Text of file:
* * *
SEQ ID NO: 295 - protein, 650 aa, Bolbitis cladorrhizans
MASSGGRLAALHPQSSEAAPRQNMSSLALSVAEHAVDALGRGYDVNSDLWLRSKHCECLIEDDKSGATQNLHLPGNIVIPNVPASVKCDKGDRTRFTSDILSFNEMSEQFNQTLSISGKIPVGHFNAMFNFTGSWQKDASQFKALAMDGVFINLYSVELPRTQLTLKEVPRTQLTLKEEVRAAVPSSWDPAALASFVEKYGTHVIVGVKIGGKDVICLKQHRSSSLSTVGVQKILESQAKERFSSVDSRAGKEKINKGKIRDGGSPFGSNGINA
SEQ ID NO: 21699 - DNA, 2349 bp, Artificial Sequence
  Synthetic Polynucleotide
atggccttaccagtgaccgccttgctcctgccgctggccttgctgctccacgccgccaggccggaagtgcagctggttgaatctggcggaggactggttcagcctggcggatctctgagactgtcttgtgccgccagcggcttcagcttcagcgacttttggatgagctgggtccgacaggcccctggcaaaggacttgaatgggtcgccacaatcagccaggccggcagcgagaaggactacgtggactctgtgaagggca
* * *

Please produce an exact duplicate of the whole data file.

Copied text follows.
SEQ ID NO: 295 - protein, 650 aa, Bolbitis cladorrhizans
MASSGGRLAALHPQSSEAAPRQNMSSLALSVAEHAVDALGRGYDVNSDLWLRSKHCECLIEDDKSGATQNLHLPGNIVIPNVPASVKCDKGDRTRFTSDILSFNEMSEQFNQTLSISGKIPVGHFNAMFNFTGSWQKDASQFKALAMDGVFINLYSVELPRTQLTLKEVPRTQLTLKEEVRAAVPSSWDPAALASFVEKYGTHVIVGVKIGGKDVICLKQHRSSSLSTVGVQKILESQAKERFSSVDSRAGKEKINKGKIRDGGSPFGSNGINA
SEQ ID NO: 21699 - DNA, 2349 bp, Artificial Sequence
  Synthetic Polynucleotide
atggccttaccagtgaccgccttgctcctgccgctggccttgctgctccacgccgccaggccggaagtgcagctggttgaatctggcggaggactggttcagcctggcggatctctgagactgtcttgtgccgccagcggcttcagcttcagcgacttttggatgagctgggtccgacaggcccctggcaaaggacttgaatgggtcgccacaatcagccaggccggcagcgagaaggactacgtggactctgtgaagggca